Completed in 1938, the memorial houses the graves of 770 Australian soldiers and lists the names of over 10,000 with no known grave killed during the First World War. French and Australian flags fly together over the immaculately maintained memorial demonstrating the level of esteem and importance the locals place upon their sacrifice.

Villers-Bretonneux was chosen for the memorial site due to Australian forces’ role in recapturing the town interestingly also on 25th April in 1918. This little village in France with an Australian flavour left a long-lasting impression on me. Everywhere you can see references to Australia and the role our country played in its history.

Sadly, the area suffered again during the Second World War and the memorial was damaged by mortar and bullets. These scars remain as a reminder of how important keeping an eye on the past is in order to protect the future.

Anzac Day memorial in Picardy France

 What ANZAC Day means to me

I have struggled with ANZAC Day and its role in the Australian psyche. Particularly during the first decade of this century the message of remembrance and acknowledging the futility of war got lost in the nationalist overtones of a country that still does not really know what it stands for (in my opinion).

Somehow the dawn services started to become overshadowed by a nationalism and traditions I don’t understand – southern cross tattoos, getting really drunk, playing 2 up (a gambling game).

Australia is now a very different nation than the one whose men and women served in the conflicts of the 20th century. From indigenous Australian and British origins we are now a multicultural melting pot of immigrants from all over the world. Many of whom are from countries who were our adversaries in these conflicts.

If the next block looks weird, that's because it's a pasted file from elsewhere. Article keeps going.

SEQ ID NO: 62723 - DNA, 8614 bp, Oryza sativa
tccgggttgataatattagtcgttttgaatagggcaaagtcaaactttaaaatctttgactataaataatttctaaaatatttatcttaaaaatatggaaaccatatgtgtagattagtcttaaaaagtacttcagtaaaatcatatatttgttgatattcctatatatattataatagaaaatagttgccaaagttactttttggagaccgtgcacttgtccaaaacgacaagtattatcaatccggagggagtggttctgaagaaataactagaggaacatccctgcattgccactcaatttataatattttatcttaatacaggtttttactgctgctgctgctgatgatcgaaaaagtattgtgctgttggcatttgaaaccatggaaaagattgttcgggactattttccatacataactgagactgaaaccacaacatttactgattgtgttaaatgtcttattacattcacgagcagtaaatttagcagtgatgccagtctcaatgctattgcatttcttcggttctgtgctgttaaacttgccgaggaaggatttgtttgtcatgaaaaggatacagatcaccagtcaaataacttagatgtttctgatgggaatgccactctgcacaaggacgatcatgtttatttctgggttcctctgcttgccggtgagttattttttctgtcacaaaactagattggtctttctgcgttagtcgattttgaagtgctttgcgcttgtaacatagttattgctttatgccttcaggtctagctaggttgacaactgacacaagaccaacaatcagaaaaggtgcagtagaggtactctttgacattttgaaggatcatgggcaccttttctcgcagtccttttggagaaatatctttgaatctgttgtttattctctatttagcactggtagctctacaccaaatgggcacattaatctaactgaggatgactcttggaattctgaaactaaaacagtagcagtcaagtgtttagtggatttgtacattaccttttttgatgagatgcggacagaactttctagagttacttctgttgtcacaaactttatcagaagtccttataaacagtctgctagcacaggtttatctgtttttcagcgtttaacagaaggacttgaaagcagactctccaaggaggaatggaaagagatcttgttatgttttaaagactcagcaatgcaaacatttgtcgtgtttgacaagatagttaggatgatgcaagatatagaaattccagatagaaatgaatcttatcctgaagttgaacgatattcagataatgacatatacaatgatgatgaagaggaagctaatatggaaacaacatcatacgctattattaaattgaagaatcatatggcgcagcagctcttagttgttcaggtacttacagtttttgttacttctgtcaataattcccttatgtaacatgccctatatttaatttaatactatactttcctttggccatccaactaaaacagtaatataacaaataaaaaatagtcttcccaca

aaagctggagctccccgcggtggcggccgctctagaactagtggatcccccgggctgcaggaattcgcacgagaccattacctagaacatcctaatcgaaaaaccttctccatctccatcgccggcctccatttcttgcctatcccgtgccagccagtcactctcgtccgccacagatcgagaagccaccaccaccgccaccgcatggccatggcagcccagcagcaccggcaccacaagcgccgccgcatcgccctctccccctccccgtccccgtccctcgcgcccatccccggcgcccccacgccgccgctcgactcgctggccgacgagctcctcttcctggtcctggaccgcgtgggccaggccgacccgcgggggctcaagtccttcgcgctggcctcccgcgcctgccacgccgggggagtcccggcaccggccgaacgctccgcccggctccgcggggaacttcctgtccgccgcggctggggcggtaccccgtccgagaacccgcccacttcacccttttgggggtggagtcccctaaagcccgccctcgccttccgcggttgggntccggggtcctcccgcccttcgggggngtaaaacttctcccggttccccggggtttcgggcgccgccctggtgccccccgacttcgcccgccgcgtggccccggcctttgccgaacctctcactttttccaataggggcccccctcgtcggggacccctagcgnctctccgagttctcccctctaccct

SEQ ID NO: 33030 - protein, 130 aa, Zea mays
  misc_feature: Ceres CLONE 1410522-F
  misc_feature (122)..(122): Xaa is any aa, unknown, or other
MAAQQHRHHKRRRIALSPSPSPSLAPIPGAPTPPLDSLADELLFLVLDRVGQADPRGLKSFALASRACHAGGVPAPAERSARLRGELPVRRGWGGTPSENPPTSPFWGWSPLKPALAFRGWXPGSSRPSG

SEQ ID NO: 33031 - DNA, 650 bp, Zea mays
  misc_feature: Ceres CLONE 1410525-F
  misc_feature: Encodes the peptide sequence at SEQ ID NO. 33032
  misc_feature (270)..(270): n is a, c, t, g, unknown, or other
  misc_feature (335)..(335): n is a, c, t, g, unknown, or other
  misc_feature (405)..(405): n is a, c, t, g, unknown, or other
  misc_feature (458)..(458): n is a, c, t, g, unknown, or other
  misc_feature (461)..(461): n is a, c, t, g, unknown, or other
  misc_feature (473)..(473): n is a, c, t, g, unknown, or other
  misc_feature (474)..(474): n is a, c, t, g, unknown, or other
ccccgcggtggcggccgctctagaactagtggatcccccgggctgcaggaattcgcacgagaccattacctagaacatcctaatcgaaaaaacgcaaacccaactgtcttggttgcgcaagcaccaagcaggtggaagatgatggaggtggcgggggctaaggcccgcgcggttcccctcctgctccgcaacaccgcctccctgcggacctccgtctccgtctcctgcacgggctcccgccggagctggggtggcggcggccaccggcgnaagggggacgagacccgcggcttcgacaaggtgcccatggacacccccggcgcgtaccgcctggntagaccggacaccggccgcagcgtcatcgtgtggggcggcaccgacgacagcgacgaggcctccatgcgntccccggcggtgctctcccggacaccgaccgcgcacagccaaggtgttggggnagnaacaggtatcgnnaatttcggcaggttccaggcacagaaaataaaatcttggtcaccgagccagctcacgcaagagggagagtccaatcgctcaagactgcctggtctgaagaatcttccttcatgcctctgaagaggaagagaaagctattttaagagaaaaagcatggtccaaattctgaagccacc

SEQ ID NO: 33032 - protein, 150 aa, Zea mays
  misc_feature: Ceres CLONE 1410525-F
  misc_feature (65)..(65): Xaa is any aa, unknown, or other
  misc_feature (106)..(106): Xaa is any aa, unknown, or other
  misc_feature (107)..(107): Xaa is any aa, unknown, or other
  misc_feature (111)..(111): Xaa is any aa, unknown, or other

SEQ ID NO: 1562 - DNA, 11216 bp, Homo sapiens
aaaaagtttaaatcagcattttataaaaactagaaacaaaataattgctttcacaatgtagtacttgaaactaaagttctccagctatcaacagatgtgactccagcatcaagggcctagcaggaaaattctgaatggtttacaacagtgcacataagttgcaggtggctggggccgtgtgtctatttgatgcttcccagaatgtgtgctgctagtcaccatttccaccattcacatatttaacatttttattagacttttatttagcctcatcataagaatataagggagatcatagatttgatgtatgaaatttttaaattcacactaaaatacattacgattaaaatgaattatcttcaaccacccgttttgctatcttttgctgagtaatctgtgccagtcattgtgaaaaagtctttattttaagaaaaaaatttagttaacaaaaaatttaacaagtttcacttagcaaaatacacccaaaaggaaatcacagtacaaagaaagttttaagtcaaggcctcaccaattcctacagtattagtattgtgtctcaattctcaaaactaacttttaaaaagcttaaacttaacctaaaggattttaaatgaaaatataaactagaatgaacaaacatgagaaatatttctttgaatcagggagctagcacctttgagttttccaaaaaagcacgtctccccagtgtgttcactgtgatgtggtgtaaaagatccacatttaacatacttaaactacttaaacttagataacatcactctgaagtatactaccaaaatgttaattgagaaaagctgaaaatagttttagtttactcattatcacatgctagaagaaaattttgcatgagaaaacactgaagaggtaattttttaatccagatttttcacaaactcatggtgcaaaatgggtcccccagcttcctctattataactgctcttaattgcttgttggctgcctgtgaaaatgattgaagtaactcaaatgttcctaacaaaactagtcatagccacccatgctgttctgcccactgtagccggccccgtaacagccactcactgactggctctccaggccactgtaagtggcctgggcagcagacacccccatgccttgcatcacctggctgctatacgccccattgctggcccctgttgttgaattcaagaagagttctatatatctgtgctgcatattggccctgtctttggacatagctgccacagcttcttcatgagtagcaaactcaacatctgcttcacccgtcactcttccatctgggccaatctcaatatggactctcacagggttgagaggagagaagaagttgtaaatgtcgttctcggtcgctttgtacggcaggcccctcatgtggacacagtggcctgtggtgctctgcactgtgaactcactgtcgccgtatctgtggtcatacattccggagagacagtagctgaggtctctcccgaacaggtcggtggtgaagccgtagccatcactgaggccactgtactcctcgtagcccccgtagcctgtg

I have always felt the nationalistic emphasis on ANZAC Day was an affront to its history and exclusionary to large parts of our population. So the way the day has evolved sat uncomfortably with me.

A change in perspective

After visiting the Somme and discovering the absolute tragedy and waste of human life that occurred beyond what I had imagined, my perspective on ANZAC Day shifted.

I now think it is critically important to reclaim and keep the day as an opportunity to reflect and educate our children on the futility of war and the importance of learning from our past mistakes.

ANZAC memorial Villers Brettoneux France

One ANZAC day tradition I do enjoy is making Anzac biscuits. These chewy oat, coconut and golden syrup treats have been made in Australia since the early 1900s and are also known as soldiers’ biscuits. They are rustic and delicious and in no way resemble the elegant sweet treats of France.

Here is a recipe I’ve shared before if you would like to try making them. I think quietly reflecting on the past over a cup of coffee and an Anzac biscuit is an appropriate way to spend the day.

Lest we forget.

How do you feel about ANZAC Day? Have you visited The Somme region? I would also be very interested in the Kiwi/NZ perspective on ANZAC Day.

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Lou Messugo